Defending the Chamois

I’ve been springing from blog to blog this morning, like the chamois of the Alps leaping from crag to crag, but have momentarily ceased leaping in order to share this excellent piece with you. I submit it as further evidence (see previously reblogged pieced for more) that blogs, derided by some as the stuff of fools and amateurs, can be brilliant!


Silver in the Barn

The extraterrestrial has moved from the gardener to the blogger. If the gardener baffled, the blogger bewilders. Once again the Human Ambassador is summoned.

ET: Why is the blogger frustrated and unhappy?

HA: She feels pressure to remove some favorite things from her writing.

ET: What things?

HA: Words. Rich and lovely words. Words full of texture and life which she has been collecting since childhood. You see, she has been advised that her writing is inaccessible.

ET: Inaccessible? Explain, please.

HA: Not everybody will enjoy or understand her if she uses the words she yearns to. She finds herself therefore practicing a form of literary self-mutilation which is intensely painful.

ET: But this is illogical. What if the intelligence levels vary in the human? They do, don’t they?

HA: Rumor has it.  But no blogger wishes to post into a vacuum.

ET: Ah yes, the black hole. I’m familiar with it, you know. But tell me, if a reader encounters a word with…

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2 thoughts on “Defending the Chamois

  1. Exactly the kind of dilemma one often faces. There are authors who could convey profound thoughts in simple language. Like Khalil Gibran, they get revered and admired. There are authors who convey simple thoughts in profound language. Perhaps, they fade away rather quickly from our collective memory. Then there are ones who use profound language to convey profound thoughts. Like Sri Aurobindo, they have a niche audience.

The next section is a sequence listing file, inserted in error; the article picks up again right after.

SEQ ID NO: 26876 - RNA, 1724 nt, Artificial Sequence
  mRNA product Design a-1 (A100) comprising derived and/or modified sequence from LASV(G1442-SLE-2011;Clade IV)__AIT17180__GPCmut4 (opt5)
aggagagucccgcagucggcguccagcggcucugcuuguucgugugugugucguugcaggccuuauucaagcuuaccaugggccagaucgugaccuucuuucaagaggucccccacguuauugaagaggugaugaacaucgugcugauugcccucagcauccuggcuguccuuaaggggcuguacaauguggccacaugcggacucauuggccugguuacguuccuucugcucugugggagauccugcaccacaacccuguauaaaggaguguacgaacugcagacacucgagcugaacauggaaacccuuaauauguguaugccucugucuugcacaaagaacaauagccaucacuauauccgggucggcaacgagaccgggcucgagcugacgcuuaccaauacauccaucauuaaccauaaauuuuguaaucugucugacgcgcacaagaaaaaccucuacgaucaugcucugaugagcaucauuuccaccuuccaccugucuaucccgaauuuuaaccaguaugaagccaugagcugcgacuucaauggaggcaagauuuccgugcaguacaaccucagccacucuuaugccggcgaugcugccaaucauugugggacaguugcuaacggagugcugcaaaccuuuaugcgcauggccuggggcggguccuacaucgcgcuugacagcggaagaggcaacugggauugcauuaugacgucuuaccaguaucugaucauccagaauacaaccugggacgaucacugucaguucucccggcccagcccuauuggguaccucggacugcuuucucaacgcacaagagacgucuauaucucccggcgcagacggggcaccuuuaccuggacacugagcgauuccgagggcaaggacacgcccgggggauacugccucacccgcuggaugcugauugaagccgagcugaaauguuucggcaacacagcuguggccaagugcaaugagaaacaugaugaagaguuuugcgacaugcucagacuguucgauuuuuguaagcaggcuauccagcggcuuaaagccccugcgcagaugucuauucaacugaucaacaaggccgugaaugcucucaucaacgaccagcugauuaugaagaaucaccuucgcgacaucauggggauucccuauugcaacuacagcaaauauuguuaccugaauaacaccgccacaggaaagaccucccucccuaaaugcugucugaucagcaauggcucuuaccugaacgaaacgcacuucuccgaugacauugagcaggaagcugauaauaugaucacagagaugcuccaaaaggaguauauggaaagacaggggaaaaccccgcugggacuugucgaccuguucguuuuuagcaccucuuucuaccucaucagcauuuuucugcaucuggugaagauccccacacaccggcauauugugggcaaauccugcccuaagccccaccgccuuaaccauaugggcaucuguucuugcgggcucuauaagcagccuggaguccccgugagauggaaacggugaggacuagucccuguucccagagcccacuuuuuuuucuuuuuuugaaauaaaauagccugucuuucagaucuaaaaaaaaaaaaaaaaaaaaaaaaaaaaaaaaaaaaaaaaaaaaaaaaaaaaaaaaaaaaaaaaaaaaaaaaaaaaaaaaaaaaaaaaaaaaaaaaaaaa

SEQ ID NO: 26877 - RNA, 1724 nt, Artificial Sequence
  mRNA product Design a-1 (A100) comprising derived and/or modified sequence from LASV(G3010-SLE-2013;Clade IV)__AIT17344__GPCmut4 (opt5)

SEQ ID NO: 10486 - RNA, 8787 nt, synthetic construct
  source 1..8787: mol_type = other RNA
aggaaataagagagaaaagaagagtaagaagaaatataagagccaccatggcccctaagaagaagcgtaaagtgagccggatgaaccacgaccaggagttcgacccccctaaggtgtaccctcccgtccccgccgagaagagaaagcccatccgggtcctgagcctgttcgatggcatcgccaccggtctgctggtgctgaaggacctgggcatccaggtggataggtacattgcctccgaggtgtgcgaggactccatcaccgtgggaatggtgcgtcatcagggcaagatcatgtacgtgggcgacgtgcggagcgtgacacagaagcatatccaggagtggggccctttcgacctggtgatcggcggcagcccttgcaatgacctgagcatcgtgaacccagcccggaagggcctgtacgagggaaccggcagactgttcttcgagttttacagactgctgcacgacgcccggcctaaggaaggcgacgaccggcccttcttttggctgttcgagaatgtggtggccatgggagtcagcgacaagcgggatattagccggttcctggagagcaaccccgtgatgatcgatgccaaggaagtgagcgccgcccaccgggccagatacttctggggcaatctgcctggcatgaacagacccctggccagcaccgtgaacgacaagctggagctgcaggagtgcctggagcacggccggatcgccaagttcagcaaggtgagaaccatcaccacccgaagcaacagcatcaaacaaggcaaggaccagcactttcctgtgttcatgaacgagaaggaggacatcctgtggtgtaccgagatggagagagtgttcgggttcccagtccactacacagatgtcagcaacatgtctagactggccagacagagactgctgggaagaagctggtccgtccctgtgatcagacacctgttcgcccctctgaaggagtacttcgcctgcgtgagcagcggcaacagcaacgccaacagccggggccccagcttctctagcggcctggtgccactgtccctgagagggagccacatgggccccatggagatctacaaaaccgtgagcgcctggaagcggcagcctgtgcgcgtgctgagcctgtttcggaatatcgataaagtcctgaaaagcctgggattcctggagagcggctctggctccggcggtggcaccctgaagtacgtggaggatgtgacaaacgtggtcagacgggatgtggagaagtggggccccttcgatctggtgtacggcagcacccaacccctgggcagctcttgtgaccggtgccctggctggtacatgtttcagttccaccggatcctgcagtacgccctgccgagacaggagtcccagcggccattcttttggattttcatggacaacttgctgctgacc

Hapless readers could range from a Bertie-sque state of mental negligibility to a Florence Cray-ish abundance of grey cells and linguistic ability. Should an author tone down his way of expressing himself just to play to the gallery? Or, should he chug along spewing thoughts as they get conveyed by the means of whatever language and style he is most comfortable with?

    ‘To each his own’ is perhaps the answer that comes to me!

    Liked by 1 person

  2. What ho, Ashok. The question is an age-old one. Personally, I agree with your view — to each his, or her, own. The problem for the author — and aspiring author in particular — is that when the editor or publisher of novels happens to disagree with their personal choices. Happily, it’s not a problem we have to deal with as bloggers.


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